Date of publication: July 29, 2002
President: George W. Bush (Republican) (although actually, due to surgery he was having on this very day, he’d transferred his powers to his right hand man, so for a couple of hours, it was President Cheney)
Song at #1 in the Billboard Charts: Complicated by Avril Lavigne
S&P 500 stock index closed at: 899
Median house price: $175,600
Well, you’d better make sure you know how to skate because you’re going to be a waitress until your dying day, and you’ve got to stay competitive! Once again, the magazine reported plummeting stocks in huge, emphasised letters – $7.7 trillion had been incinerated and there was little optimism that this would ever be corrected. According to the magazine, your retirement savings might never, ever recover from this one.
Date of publication: August 2, 2010
President: Barack Obama (Democrat)
Song at #1 in the Billboard Charts: Love the Way You Lie by Eminem ft. Rihanna
S&P 500 stock index closed at: 1126
Median house price: $226,600
The cover said you really should reconsider whether having time off over the summer is really time well spent, and linked that to kids’ economic status. Work! Especially if you’re poorer – work harder! Globally, stock markets were taking a tumble, losing 10% over a few weeks. The most recent economic recovery was failing, just a year in. European countries like Greece were struggling, and the magazine said worry about that as well as high unemployment nationally was going to stunt economic growth. Concern was going to develop into fear.
Another decade, another recession looms. This time, the pandemic prompted immediate stock market crashes. The magazine said that US stocks had plunged the most since 1987 and the Russell 2000 had its worst day on record, ever. With the closing down of the economy as businesses were shut and people asked to stay home, finance professionals were at a loss. They’d never experienced an enforced shutdown like this – what would it mean for the economy?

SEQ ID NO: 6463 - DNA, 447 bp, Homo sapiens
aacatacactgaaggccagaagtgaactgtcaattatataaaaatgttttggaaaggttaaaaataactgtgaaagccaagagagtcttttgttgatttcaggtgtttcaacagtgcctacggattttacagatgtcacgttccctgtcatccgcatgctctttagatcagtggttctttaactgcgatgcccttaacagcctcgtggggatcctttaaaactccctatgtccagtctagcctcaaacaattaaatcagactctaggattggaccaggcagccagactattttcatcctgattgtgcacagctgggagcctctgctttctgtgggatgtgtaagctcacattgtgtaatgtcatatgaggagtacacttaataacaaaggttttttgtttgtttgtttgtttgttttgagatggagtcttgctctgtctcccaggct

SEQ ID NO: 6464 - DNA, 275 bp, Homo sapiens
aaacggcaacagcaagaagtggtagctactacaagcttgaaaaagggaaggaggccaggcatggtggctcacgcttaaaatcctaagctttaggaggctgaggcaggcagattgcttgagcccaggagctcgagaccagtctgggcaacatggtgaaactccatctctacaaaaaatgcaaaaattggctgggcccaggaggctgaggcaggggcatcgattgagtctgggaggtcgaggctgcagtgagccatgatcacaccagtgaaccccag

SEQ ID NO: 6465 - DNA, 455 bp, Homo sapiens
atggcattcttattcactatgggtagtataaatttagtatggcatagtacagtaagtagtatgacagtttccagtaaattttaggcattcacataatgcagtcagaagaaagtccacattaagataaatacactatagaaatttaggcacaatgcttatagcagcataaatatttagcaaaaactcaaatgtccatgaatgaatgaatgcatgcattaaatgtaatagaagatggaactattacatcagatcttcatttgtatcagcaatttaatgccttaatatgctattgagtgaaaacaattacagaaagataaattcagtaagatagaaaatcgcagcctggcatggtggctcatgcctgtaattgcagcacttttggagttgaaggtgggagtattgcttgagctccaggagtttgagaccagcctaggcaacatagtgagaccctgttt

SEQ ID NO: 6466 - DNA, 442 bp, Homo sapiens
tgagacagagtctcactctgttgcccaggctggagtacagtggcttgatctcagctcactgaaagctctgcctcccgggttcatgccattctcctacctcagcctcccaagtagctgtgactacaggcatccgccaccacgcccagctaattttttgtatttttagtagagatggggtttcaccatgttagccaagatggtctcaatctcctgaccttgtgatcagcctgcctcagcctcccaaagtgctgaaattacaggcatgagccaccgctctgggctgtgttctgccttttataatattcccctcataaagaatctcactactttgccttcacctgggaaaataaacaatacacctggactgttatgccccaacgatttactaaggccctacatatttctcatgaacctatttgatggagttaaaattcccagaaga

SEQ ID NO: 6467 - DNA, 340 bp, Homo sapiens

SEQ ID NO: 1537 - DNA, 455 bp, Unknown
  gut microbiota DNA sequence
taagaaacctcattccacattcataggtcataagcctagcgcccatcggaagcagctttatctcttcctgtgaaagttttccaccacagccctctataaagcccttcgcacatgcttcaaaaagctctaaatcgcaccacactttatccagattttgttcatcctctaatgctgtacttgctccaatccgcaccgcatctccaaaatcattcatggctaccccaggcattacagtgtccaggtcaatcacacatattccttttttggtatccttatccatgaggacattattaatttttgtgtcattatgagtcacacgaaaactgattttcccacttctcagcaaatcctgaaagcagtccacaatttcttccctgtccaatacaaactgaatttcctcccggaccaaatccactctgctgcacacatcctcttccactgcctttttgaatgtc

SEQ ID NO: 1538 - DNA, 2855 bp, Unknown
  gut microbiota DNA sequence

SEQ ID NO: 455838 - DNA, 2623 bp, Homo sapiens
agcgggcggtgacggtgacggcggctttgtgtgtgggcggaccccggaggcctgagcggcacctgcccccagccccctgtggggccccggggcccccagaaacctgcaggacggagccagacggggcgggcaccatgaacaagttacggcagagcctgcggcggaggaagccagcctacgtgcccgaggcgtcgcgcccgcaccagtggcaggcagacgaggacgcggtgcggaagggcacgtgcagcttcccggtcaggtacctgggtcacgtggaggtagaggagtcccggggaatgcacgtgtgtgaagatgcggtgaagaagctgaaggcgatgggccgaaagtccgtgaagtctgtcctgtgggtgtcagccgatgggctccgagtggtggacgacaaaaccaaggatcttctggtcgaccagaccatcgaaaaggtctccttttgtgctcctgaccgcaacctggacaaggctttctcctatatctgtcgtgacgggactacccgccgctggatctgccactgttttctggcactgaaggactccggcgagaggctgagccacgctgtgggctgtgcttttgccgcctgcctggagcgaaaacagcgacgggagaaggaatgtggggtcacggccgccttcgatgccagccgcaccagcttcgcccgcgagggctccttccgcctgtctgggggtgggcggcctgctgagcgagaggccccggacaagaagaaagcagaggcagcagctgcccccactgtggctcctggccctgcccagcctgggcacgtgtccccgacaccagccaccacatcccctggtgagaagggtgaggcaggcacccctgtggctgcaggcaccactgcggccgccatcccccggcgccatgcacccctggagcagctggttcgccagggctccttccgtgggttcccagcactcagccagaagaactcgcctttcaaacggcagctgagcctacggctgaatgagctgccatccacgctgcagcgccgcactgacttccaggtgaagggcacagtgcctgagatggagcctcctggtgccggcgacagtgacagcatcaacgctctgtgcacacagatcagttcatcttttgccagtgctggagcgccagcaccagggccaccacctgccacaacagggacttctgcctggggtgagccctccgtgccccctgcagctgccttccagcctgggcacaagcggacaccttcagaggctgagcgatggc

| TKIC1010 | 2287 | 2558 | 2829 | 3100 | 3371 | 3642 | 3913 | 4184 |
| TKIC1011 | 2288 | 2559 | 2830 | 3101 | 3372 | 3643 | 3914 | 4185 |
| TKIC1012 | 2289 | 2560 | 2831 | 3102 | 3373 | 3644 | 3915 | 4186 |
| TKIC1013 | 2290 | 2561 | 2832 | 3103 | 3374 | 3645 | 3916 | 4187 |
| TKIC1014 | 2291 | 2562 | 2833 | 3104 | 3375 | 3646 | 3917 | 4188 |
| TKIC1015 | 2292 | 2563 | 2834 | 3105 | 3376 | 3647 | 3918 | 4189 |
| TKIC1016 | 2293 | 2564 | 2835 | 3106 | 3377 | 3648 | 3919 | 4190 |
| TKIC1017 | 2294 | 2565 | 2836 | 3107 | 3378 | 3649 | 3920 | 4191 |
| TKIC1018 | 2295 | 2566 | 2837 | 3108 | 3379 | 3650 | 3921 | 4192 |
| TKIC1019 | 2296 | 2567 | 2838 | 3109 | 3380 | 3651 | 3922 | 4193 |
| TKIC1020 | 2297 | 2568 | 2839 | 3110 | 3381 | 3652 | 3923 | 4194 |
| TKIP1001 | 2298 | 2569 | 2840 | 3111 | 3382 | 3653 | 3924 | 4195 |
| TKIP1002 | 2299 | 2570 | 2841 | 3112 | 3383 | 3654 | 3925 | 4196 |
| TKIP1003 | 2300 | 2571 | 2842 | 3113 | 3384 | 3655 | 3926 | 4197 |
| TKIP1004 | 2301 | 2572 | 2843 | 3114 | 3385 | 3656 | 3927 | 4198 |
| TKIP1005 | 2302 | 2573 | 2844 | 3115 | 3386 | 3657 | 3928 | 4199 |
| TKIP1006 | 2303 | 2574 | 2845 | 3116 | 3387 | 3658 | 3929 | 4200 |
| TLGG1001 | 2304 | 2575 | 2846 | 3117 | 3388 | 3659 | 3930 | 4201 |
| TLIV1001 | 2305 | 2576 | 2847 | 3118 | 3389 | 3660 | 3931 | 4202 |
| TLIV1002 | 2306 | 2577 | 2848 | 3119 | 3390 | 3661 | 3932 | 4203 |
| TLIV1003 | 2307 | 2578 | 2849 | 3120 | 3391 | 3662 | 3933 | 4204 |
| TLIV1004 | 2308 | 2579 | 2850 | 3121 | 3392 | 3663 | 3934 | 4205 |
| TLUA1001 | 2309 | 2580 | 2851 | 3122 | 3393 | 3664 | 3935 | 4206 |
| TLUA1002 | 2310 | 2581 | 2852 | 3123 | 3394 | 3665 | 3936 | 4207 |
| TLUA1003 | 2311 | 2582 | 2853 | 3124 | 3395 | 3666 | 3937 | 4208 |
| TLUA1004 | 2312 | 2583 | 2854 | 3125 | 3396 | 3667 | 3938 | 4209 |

Stock Market Crashes are Inevitable
I’ve touched on this subject before, but it really does keep coming around again. These seven snapshots into media history show us that the stock market crashes periodically, and its recovery is sometimes slow and wavering.
The market will dip and the history has shown us repeatedly that the market will rise again. Historically, we’ve seen nothing but a sustained, upward trend. And if that changes and the public equity markets quit being a mechanism of wealth creation – well then, we’ve got bigger problems than the value of our account statements.
And while I know there are many who love nothing more than relaxing with a magazine from time to time, it’s important to take these headlines with a pinch of salt. Don’t forget, CNN reported in June 2020 that the S&P 500 had just experienced its strongest 50-day period ever. Since its low point in March, the S&P 500 has grown by an unprecedented 36.9%.
In the meantime, I’m an eternal optimist and these headlines from the past are a great reminder that we’ve been here before, and we’ll probably be here again. So keep yourself well informed and get the full picture. Read, listen, and question widely.
Instead of being fearful about stock market crashes, remember that they happen periodically. Using these images as a bit of reassurance, consider how the stock markets crashes have worked out in the past.
If you’d like to chat more about your finances and their resilience through stock market crashes, schedule an appointment with us today. We’ll be delighted to see if we can create a more robust financial plan for you.